Think-tank study finds little evidence charters exclude disabled students

Think-tank study finds little evidence charters exclude disabled students

New research casts doubt on long-held criticism of charter schools that they systematically exclude too many students with disabilities through admission or other academic policies.

A report out this month from the Center on Reinventing Public Education and the right-leaning Manhattan Institute suggests that the enrollment gap between charters and traditional schools for students with disabilities is probably more the result of subjective parental choice than any other factor.

The research found little evidence that charter schools refuse to admit disabled students or force them out for failing to meet performance standards. A recent 20 percent growth in the special education enrollment gap, the study's author said, can also be attributed to a great proportion of general education students entering charter schools rather than a drop in the number of students with disabilities being served at charters.

The study's author, Marcus A. Winters - a senior fellow at the Manhattan Institute and an assistant professor at the University of Colorado, Colorado Springs - noted that the study was limited to 25 specific schools in New York City and cannot be assumed to have broader implications. But because of the unique nature of the report, the findings add some important new information for policy-makers to consider.

These results suggest that recent attempts to address the special education gap through legislated special education enrollment targets for charter schools are unlikely to yield meaningful results and could prove harmful to students," Winters said. "Regulations requiring charter schools to meet certain thresholds for the percentage of their students in special education could have the impact of forcing charter schools to push for a disability diagnosis for students who otherwise would have avoided the designation. Charter schools should be encouraged to recruit such students. However, it is difficult to hold them accountable for the free choice of individuals deciding whether or not to apply to the charter sector."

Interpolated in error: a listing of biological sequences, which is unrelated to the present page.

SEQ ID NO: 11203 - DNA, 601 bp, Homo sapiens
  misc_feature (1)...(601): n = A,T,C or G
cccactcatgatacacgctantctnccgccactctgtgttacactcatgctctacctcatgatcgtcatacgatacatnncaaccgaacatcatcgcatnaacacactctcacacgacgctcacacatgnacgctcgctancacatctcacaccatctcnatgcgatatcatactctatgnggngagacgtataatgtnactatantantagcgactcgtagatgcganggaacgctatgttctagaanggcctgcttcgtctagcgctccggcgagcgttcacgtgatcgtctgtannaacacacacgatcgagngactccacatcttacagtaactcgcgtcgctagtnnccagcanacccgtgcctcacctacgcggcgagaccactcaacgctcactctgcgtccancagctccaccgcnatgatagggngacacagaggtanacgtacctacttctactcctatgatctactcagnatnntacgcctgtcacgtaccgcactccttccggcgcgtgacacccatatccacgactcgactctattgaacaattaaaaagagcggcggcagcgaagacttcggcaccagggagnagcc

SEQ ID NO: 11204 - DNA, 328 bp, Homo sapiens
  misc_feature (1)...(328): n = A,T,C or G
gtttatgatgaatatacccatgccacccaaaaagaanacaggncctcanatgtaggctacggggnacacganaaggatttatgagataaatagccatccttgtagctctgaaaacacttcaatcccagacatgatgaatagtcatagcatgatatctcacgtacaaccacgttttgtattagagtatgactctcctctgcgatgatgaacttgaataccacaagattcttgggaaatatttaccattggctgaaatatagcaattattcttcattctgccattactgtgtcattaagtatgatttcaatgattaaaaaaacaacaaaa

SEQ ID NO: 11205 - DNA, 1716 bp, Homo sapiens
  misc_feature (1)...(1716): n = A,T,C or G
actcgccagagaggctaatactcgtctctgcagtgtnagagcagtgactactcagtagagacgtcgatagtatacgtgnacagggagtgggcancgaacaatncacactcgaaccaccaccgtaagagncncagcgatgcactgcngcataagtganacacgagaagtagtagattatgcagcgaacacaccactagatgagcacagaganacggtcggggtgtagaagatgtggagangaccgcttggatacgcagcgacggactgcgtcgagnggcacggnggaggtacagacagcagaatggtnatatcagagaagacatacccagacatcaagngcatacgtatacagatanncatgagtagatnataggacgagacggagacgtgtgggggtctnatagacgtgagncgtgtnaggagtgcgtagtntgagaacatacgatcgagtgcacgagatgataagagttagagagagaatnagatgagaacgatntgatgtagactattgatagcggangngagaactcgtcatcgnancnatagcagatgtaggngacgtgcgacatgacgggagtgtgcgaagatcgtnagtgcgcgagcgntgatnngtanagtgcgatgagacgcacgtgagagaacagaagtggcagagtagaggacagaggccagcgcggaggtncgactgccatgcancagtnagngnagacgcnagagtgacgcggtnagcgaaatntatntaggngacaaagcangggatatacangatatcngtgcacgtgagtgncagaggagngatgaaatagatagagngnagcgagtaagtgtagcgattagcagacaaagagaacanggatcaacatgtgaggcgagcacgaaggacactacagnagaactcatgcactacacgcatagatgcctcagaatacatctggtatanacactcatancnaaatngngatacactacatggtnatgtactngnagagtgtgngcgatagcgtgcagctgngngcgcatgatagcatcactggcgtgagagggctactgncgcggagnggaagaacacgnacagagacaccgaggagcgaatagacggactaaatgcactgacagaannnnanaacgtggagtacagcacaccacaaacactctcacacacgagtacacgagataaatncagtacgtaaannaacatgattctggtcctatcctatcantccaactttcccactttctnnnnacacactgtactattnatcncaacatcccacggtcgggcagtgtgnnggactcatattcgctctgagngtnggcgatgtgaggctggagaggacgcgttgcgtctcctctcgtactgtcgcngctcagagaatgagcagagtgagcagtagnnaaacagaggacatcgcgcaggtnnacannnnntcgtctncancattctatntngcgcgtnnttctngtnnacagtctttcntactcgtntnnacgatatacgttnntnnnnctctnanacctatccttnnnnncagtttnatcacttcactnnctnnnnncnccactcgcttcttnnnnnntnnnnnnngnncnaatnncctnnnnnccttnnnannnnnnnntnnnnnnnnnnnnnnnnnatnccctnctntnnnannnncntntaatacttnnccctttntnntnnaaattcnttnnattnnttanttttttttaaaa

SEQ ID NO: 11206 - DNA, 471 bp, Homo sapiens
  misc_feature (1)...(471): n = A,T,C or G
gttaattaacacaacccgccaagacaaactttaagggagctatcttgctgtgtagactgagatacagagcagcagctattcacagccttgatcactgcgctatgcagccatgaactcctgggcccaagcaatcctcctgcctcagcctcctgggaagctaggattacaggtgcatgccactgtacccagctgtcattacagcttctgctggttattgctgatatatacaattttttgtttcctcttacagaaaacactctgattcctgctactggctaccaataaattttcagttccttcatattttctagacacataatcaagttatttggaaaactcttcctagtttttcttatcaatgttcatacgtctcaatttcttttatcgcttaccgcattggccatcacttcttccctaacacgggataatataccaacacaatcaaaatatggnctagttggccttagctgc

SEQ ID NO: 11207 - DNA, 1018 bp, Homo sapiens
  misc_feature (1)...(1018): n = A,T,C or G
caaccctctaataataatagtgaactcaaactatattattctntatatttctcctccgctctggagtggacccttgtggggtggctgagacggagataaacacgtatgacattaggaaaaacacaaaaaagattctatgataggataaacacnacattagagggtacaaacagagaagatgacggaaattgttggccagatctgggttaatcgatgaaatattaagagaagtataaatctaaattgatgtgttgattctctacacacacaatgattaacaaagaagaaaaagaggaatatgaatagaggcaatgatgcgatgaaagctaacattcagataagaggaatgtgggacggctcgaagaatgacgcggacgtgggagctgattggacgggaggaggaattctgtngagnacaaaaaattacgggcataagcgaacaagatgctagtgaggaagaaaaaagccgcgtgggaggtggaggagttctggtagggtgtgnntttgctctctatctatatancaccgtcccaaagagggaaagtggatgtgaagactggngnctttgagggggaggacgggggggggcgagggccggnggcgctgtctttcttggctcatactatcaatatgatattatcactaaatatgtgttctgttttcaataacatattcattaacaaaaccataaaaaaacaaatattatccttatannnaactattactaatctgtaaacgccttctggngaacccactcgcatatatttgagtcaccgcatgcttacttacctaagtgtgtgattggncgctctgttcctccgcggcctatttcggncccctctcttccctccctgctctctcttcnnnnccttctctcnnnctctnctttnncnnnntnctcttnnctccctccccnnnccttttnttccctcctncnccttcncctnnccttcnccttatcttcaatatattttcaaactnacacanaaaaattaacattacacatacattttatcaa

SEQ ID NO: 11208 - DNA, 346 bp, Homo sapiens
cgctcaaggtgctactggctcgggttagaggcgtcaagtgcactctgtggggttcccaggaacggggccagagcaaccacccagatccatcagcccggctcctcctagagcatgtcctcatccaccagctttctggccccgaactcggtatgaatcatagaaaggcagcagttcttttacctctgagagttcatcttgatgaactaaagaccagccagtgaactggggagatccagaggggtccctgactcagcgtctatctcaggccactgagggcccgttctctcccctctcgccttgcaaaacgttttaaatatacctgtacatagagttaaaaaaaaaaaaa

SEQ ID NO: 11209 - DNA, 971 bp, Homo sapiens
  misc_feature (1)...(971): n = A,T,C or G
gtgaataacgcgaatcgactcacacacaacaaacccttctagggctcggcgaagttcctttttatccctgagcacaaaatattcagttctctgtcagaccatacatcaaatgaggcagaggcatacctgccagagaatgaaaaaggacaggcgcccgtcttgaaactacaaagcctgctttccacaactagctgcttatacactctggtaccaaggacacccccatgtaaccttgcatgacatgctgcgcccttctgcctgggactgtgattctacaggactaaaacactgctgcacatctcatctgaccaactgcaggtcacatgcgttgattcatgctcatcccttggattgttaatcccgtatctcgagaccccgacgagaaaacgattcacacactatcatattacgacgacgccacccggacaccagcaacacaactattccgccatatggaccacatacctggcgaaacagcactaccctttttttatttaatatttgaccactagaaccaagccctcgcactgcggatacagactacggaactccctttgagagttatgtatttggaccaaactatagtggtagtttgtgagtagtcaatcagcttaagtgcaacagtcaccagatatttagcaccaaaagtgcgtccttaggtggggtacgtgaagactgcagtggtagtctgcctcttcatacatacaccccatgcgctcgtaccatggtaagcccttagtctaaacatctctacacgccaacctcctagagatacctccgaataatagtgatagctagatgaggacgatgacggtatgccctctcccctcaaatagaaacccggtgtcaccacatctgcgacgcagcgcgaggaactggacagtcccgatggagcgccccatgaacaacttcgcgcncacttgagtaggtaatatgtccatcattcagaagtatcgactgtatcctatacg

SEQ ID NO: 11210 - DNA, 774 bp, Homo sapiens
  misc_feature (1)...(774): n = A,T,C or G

The issue has been one that has dogged the charter school movement for years and provoked both litigation and regulation.

A 2012 report from the General Accounting Office found approximately 11 percent of students enrolled in traditional public schools were students with disabilities compared to about 8 percent of students enrolled in charter schools during the 2009-10 school year.

Previous analysis of enrollment in New York City found similar differences: 14.3 percent in charters versus 18.2 percent in traditional schools.

Although the numbers raised suspicions that charters were too often turning disabled students away, neither of the prior studies looked at why the gap existed.

Winters said still more study is needed but his report gave some new insights. For one, he found that more students with previously identified disabilities enter charter schools than exit them as they progressed from kindergarten through elementary school. This would support the notion that the gap in enrollment is being driven by more general education students joining charter schools than students with disabilities leaving them.

He also found the most substantial growth in the special education gap is generated by the least severe category but the largest overall - specific learning disability.

"Rates of classification in what might be considered the more severe (and less subjective) categories of special education - autism, speech or language impairment, or intellectual disability - remain quite similar in charter and traditional public schools over time," Winters said.

A significant portion of the special education gap, he said, takes place when a student enters kindergarten and parents of disabled children - especially those with autism and speech or language impairment - are simply less likely to choose a charter school.

Winters said the reason may vary - such as enrollment in a specialized pre-school program that may feed a district elementary, or an evaluation that a charter isn't a good fit for the child.

"We cannot discern the reasons for their parents' choices in a statistical analysis alone, and the issue deserves further study," he concluded.

To read the report click on the link below:

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